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Oct 31, 2011
Geraldine Mellet

“The tide is turning” – Disability Discrimination Commissioner

Disability Discrimination Commissioner Graeme Innes was one of the speakers at a forum in Perth on Oct 26. Read his speech here…

Good morning.  I acknowledge the nyungar people, the traditional owners of the land on which we meet.  It’s great to be back in Perth.  it’s also great to have the chance to talk with you about the NDIS.  I’ve been a strong advocate of the scheme for some time.  

Peter and I are the sort of warm-up act for the politicians at this forum.  But I hope, as with many rock concerts I’ve attended, that there isn’t still a large group out at the bar getting refreshed, and waiting for the main acts. 

And I don’t always agree with politicians.  As Garry Gray will tell you, I’ve criticised his portfolio area, and the previous government, for having a shameful record of employment of people with disability in the Commonwealth public service.  And just last week I criticised Immigration Minister Bowen for the unreasonable delay in responding to the report of a Parliamentary Committee on how our immigration system treats people with disability.  

But on the NDIS, I am in violent agreement with the other speakers.  If these schemes come to fruition, they will be the biggest reform in the disability sector in our lifetimes- and in my case that’s quite a while.  

On many disability rights issues, we’re used to a glacial pace of change.  It’s over 60 years since the Universal Declaration of Human Rights declared human rights for everyone, without discrimination — but somehow managed to miss mentioning disability.  It’s 30 years since the International Year of Disabled Persons.  It’s already 20 years since the start of drafting of Australia’s Disability Discrimination Act.

 We’ve spent decades trying to build a society that’s fit for all of us to live in.  Chipping away at the barriers that exclude men, women and children with disability from full and equal participation in, and contribution to, our society.  Certainly, we’ve seen progress.  On issues like access to public transport, and buildings, and information and communications.  But it’s painfully slow, patchy, and incomplete.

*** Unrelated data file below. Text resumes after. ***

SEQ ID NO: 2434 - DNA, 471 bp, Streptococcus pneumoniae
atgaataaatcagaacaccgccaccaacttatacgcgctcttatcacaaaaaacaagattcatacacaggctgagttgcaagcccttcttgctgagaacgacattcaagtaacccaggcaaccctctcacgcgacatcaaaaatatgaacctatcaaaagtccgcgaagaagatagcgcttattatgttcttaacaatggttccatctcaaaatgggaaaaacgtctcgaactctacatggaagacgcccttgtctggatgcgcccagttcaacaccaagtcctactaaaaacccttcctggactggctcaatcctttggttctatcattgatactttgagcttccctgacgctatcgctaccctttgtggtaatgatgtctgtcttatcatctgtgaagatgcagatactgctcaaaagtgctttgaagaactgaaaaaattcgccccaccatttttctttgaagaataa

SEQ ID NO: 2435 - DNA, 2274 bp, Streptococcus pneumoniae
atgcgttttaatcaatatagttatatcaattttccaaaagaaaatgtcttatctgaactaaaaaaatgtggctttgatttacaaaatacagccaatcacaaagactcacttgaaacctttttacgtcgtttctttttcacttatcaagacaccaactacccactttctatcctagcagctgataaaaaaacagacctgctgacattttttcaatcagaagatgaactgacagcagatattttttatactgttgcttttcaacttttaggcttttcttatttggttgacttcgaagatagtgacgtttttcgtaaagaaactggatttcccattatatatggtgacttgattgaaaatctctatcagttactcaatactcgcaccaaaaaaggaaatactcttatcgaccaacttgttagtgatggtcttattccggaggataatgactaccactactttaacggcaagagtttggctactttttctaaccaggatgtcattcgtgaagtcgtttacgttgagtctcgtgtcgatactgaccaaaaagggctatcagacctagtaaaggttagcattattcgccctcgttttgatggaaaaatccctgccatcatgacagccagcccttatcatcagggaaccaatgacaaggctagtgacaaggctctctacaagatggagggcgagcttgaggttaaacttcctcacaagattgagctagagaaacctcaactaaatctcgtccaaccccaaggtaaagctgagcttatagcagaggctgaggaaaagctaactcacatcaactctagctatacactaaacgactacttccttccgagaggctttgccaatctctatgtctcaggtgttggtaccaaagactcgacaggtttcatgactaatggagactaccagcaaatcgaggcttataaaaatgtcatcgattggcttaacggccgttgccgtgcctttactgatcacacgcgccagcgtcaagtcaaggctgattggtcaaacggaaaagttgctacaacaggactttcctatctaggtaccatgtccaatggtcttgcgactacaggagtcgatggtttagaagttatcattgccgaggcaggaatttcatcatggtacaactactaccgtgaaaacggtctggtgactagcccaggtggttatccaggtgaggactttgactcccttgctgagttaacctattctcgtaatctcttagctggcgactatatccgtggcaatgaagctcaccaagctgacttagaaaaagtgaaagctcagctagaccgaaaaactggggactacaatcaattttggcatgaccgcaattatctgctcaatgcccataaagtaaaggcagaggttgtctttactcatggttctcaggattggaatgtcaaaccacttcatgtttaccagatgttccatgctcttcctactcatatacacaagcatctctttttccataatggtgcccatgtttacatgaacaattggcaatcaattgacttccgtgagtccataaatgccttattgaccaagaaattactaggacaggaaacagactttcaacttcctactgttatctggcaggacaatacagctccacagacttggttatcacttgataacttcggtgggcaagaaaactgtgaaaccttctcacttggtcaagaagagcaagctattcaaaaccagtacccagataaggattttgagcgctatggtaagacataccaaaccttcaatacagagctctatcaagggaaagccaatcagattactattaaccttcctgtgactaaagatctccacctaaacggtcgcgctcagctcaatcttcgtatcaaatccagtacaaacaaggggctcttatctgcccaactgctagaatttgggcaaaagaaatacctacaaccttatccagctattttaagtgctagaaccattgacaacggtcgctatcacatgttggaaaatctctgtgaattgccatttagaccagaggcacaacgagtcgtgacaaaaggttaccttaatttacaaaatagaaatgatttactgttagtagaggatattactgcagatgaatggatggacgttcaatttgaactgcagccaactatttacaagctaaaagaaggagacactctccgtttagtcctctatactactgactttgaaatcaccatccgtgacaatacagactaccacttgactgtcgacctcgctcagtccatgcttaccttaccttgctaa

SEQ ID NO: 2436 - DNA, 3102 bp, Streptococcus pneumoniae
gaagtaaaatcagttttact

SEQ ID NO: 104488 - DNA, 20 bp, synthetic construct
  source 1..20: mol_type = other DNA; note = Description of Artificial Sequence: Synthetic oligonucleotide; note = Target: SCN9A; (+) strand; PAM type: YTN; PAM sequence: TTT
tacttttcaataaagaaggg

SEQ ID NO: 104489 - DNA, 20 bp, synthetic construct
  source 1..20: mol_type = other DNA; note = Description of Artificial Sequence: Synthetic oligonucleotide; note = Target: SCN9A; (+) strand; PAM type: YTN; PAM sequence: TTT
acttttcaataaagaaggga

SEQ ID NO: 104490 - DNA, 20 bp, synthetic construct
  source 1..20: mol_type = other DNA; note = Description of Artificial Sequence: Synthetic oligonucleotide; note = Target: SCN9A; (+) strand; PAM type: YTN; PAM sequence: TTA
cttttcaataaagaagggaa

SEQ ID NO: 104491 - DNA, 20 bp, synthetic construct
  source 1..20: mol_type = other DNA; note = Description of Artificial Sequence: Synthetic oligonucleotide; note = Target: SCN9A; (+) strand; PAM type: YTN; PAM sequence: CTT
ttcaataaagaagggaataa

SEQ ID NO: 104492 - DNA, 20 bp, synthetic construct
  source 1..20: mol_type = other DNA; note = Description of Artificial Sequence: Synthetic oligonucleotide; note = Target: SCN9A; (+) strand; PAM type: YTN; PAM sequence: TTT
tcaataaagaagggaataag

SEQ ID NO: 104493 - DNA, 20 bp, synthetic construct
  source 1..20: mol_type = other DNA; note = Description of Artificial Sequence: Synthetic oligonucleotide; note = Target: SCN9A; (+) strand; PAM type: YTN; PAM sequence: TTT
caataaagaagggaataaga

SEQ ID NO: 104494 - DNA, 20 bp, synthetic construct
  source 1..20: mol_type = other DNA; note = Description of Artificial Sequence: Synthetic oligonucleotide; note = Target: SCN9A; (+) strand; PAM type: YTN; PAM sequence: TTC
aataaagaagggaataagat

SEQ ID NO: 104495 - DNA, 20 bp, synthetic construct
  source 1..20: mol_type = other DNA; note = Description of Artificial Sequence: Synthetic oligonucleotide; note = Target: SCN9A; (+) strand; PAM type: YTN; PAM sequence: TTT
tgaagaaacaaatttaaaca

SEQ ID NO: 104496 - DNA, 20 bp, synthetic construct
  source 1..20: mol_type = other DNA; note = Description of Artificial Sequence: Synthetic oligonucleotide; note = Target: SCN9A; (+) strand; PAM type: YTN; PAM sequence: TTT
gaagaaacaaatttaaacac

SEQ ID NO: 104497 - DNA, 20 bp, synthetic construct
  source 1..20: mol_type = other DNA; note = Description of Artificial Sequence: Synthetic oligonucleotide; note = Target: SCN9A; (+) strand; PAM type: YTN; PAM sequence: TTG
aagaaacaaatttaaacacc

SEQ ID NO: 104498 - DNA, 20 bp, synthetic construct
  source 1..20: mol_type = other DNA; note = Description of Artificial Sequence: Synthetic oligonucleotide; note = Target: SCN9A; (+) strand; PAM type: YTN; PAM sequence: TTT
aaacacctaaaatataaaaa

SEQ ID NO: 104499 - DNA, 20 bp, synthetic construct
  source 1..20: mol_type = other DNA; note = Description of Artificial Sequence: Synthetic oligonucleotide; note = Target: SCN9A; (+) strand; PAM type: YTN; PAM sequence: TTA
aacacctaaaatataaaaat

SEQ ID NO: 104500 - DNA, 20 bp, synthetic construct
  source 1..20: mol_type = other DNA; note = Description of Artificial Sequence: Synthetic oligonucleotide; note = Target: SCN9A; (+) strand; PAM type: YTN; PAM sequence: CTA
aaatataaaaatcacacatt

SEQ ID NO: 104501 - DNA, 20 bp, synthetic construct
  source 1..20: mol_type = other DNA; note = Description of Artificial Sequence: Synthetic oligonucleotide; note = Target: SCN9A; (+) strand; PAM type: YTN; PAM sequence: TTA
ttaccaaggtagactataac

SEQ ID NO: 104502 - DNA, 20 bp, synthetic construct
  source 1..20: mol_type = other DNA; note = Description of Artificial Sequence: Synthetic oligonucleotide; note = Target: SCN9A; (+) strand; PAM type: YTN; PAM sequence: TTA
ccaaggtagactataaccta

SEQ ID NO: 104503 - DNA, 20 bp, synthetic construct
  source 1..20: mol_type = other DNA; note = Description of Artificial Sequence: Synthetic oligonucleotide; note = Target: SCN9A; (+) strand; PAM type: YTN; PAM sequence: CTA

And in some areas we’ve much to do.  People with disability continue to have no choice but to live in institutional environments, including the disproportionate numbers in our prison populations.  Things like disability employment rates in the Australian Public Service — going backwards, not forwards, over the last two decades.  And this in a period where technological developments ought to have been reducing, or eliminating, many barriers.  

Years, in fact decades, go by in our work, and in the lives of people with disability around Australia, with barriers still shutting people out and shutting people in.  

But sometimes, a moment comes when change happens very fast.  And what’s striking in the disability rights area, is how much agreement has been achieved in recent months, and how quickly: not only that there is a serious problem that has to be addressed, but on what the way forward should be. 

The groundbreaking recommendation for a NDIS was initiated by Bruce Bonyhady at the 2020 summit.  And we had the report of the Disability Investment Group recommending an NDIS, and an early investment in a major disability research and policy body.  And after government resolved to look further into this issue, the Productivity Commission delivered its final report on 31 July 2011, recommending a national disability insurance scheme, involving close to doubling of current funding for disability services and supports, and major shifts towards consumer choice.  Just 8 days later, the Prime Minister, the Assistant Treasurer, the Minister for FHACSIA, and the Parliamentary Secretary for Disability were out in public releasing the report, committing in principle to implementing it, and allocating $10 million for initial processes to work towards implementation.  Almost immediately, support for the recommendations came from the Opposition (both by its Leader and its disability spokesman) and by most State and Territory Governments.  And just 10 days after that, the Council of Australian Governments signed on- Not to every detail, but to working in quite a short period to having an NDIS in place.

 And leading up to the release of the report, and day after day in the Federal Parliament since then, members from both sides, and the cross-benches, support the implementation.  I can’t remember any other major public policy initiative in the last 30 years with support like that.

 How did this happen?

 We should acknowledge first up the work of the Productivity Commission, and the decision by government to ask them to conduct this inquiry.  This is a report with great weight — and I don’t just mean the two volume paper version.  The Productivity Commission has done people with disability in Australia, and the nation, a great service — highlighting and analysing exclusion, and loss of opportunities for people with disability, as major economic issues worth significant investments to address.

 I’m not saying the battle is won.  But the tide is turning.